Of late, I have noticed a sort of obsession amongst those who consider themselves "traditionalists." I would even go so far as to term it unhealthy, for that is precisely what it is.
I am speaking of this obsession as to who is and who is not a "true traditionalist."
While I first encountered this obsession after I debuted on Vox Cantoris - better detailed in the follow-up post I wrote to that post - this is, sadly, not something I have seen solely in the Toronto community. I have seen it online in respect to America, Britain, France, and a host of other countries.
It is getting too much to bear, which is why, after a number of months sitting on the subject, I am breaking my silence and addressing it head on.
It does not matter if I am speaking of the young man who insists that I am his enemy time and again. Or the people I used to run around with, gossiping about various people, in the Toronto community. Or the Society, who tends to insist they are the only ones faithful to tradition. Or the Fraternity, who do the same. Of course, let's not forget the sedevacantists, who shun everyone but themselves and proclaim themselves as the only "true Catholics" around, though some are less abrasive about their argument than others.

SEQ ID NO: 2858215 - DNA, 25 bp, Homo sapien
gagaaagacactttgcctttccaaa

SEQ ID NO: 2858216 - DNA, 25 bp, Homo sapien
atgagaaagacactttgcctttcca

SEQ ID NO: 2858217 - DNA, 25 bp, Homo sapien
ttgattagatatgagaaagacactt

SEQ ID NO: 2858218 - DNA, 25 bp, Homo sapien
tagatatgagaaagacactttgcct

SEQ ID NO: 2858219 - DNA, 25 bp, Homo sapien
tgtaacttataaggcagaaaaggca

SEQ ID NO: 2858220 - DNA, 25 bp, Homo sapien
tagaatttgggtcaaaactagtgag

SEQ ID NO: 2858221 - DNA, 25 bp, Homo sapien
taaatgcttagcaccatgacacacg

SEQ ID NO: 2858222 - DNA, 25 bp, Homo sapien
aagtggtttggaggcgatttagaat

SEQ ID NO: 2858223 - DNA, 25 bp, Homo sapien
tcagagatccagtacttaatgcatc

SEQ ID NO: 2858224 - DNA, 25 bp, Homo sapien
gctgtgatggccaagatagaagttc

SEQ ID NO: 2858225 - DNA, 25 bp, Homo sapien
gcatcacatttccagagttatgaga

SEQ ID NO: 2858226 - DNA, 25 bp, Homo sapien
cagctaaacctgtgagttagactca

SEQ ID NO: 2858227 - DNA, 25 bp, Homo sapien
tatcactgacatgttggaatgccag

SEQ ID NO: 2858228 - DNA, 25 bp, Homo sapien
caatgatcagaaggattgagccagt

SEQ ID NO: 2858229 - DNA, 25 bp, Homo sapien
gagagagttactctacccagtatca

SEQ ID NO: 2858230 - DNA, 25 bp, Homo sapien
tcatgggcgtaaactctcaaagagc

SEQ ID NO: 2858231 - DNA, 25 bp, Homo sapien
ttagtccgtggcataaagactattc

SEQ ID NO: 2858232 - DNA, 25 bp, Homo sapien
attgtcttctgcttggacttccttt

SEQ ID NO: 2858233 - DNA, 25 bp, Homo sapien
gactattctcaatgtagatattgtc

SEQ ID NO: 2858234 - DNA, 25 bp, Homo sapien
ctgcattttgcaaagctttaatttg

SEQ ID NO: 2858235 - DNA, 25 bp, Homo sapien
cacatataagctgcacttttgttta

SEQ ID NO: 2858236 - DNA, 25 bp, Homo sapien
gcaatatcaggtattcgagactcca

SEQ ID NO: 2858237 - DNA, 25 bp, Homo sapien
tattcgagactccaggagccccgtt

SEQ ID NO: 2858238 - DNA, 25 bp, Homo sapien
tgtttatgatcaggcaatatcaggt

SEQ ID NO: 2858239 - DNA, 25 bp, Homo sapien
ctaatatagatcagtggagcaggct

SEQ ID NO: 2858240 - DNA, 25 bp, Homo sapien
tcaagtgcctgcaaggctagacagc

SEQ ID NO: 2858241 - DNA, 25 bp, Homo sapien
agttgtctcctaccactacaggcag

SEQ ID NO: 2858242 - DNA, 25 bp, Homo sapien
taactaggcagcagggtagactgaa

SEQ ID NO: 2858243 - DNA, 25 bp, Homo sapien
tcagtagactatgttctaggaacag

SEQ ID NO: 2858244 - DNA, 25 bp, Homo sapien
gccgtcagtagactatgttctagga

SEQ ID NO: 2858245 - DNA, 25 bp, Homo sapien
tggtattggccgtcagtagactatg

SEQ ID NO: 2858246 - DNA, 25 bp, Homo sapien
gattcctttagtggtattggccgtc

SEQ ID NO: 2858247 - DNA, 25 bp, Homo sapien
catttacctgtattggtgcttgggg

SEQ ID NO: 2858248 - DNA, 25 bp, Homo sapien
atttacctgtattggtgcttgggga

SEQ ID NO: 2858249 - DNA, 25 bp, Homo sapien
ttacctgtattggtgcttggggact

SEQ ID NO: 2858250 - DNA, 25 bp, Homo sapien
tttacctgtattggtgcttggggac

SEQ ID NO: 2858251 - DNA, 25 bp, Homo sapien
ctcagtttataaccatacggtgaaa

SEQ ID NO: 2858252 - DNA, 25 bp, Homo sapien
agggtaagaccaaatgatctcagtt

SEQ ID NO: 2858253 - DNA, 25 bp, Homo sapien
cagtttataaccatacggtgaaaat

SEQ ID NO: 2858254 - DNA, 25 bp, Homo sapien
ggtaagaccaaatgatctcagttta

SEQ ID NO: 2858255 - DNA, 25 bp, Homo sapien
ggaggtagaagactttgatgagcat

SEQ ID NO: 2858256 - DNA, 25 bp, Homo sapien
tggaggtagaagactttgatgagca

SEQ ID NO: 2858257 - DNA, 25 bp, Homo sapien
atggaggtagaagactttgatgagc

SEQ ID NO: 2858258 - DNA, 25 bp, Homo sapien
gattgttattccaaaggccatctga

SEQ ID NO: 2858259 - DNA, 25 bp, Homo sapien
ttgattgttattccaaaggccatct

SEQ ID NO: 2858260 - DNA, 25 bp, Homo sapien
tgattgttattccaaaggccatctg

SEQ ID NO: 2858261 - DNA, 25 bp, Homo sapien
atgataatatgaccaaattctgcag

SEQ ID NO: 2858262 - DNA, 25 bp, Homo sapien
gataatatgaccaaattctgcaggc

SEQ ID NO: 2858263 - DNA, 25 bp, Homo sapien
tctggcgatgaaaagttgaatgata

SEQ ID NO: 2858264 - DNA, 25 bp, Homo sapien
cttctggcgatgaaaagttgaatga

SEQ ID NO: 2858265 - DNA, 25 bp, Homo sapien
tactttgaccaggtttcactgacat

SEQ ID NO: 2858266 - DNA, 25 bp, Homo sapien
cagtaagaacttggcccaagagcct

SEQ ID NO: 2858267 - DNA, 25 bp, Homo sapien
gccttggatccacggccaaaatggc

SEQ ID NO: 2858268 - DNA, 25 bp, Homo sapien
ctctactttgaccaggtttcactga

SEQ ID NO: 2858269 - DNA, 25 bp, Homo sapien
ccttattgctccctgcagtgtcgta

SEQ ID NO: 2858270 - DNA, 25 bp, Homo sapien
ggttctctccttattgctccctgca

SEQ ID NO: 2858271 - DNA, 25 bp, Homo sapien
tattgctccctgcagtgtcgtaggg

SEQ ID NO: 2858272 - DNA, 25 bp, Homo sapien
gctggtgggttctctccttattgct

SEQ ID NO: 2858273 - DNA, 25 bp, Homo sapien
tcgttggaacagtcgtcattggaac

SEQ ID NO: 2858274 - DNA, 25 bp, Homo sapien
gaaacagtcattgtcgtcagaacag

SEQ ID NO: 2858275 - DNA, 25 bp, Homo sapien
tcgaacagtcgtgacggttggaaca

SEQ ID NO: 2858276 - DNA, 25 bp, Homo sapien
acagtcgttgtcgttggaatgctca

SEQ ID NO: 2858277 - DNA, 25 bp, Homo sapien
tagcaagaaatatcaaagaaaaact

It is a problem. It is not something we can solve overnight. Indeed, I doubt we ever can, but it is something we can address, for the betterment of our spiritual lives, if only that.
For now, though, let's talk about how problematic the term "true traditionalist" is.
First of all, this term is reactionary, arising only in response to the Council and the Novus Ordo Missae. In all of the texts and books I have managed to read so far dating from before that Council, there was no discussion about whether or not one was a "true traditionalist." The term simply did not exist. One was either Catholic or not. It was as simple as that.
This leads into another point. What does the term "tradition" even mean, and how does one define fidelity to it? The best I have been able to discern is that it means one harkens back to those customs, rules, and traditions from before the Council, and that one must reject ALL FORMS OF NOVELTY (itself a subjective term) which have arisen since then. As one can see it is a loose definition and can mean anything to anyone.
Over the coming weeks, I will be writing on a number of topics near and dear to "true traditionalists" and debunking them for the placebos they are. Watch this space.
For now, though, consider whether you consider yourself a "true traditionalist," and then consider how phony that term is.